Avalanches, an Alpine menace

2016-01-19 22:55
Multiple avalanches that crossed the Richardson Highway in the Thompson Pass region of Valdez. (Alaska department of transportation and public facilities, AP)

Multiple avalanches that crossed the Richardson Highway in the Thompson Pass region of Valdez. (Alaska department of transportation and public facilities, AP)

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Grenoble - France has seen five deadly Alpine avalanches so far this winter, claiming 12 lives, eight of them in the past week.

The string of tragedies is explained partly by weather conditions but also probably by ill-advised risk-taking, experts said.

Most avalanches are the result of a combination of weather and geological factors.

In general, an avalanche results from fresh heavy snowfall that fails to stick to snow already on the ground.

This was the case for Monday's avalanche, which killed five members of the French Foreign Legion.

The incline of the spot where the avalanche originates is a main factor determining its size - that avalanche was around 400 metres wide and slid around 250 metres.

Another scenario is that of violent wind following a moderate snowfall at low or very low temperatures. The wind carries large quantities of snow that can then break up depending on the slope and the state of the ground underneath.

That was the case in the avalanche that occurred last Wednesday, killing two high school students and a Ukrainian tourist, experts say.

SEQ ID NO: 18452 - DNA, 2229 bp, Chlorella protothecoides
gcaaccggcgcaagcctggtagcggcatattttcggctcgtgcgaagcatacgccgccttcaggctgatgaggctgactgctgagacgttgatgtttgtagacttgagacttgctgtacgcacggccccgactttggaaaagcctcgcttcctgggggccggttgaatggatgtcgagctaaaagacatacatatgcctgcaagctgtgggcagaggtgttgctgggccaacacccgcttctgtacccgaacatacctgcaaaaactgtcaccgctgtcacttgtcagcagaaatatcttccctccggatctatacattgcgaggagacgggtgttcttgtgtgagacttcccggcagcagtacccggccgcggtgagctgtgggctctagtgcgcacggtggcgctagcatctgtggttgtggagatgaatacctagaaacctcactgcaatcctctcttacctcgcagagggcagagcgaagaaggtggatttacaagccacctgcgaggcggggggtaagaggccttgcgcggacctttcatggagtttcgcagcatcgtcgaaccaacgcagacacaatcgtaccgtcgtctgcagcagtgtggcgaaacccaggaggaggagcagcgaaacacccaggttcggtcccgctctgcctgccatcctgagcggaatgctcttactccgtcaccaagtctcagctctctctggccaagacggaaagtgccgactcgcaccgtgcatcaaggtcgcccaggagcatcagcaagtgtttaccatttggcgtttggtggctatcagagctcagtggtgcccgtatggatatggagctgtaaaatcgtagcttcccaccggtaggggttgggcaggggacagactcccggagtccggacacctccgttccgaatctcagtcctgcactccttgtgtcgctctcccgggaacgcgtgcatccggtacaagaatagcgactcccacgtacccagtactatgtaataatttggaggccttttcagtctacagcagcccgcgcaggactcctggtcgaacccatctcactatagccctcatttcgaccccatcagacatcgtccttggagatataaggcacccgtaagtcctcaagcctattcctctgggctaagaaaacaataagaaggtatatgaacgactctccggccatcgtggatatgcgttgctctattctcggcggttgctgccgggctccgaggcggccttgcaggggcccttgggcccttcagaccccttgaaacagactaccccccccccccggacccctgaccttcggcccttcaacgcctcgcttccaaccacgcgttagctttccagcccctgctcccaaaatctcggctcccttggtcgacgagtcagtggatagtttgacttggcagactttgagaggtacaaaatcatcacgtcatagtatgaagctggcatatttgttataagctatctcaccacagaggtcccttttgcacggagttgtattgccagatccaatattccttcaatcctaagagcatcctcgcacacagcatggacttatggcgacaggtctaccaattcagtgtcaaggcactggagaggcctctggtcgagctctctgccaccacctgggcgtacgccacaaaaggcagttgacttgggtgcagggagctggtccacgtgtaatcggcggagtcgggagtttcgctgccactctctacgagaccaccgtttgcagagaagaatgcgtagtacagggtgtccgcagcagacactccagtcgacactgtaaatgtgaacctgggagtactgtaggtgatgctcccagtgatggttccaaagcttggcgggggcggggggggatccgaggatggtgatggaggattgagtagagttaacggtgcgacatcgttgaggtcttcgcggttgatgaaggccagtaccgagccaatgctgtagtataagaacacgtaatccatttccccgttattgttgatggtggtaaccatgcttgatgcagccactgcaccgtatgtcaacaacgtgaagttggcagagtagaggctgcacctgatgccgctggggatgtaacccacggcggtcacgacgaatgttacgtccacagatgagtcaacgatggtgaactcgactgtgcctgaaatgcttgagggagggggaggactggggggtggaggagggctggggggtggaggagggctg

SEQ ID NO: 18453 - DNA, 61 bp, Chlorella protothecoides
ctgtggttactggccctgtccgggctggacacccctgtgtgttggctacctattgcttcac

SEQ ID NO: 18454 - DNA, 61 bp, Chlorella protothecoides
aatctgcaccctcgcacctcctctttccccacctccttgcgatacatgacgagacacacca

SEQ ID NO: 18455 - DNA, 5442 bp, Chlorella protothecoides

"That's a typical case of a wind slab, that is a slab of snow formed by very strong wind," Dominique Letang, director of the National Agency for the Study of Snow and Avalanches (ANENA) told AFP.

At temperatures below -15°C, far lighter snowfall can lead to an avalanche less than a metre thick.

Spring thaws bring another type of avalanche, with snowlides depending on how fast the snowpack melts.

Mild weather

The instability of the Alps' snow cover is the result of an unusually mild autumn, according to Letang.

"Snow fell at the end of November onto warm ground then began to change," he said, adding: "The base level of the snow is not sticking together. It's something that is neither sticking to the ground nor the snow that is falling on top of it."

ANENA appealed for vigilance three days before both of the latest tragedies, with an avalanche risk level of three on a scale of five in both areas.

At level three, a single skier can unleash a snowslide, while ski areas are closed when the top level is reached.

Each year between 500 and 1 500 avalanches are recorded in the French Alps.

Avalanche corridors are identified in most European countries, and in skiing areas explosives are used to set them off artificially.

Spread out

Dozens die each year in avalanches in France's popular ski resorts. At least 45 people died in snowslides during the 2014-15 winter season in France, according to ANENA, more than double the previous year's 20.

ANENA data show that between 1971 and 2011, avalanche accidents averaged 21, with an average of 30 fatalities.

Letang said that while more and more people are using areas that have not been cleared as safe, the surge has not been matched by an increase in fatalities.

Group members are advised to spread out, leaving some 20 metres between each other, to help avoid setting off a snowslide.

"People should observe a big safety distance when the snow cover is unstable," Letang said. "Even if you won't avoid the avalanche, it would carry off one person, not 13" as in Monday's accident.

Read more on:    france  |  weather  |  environment

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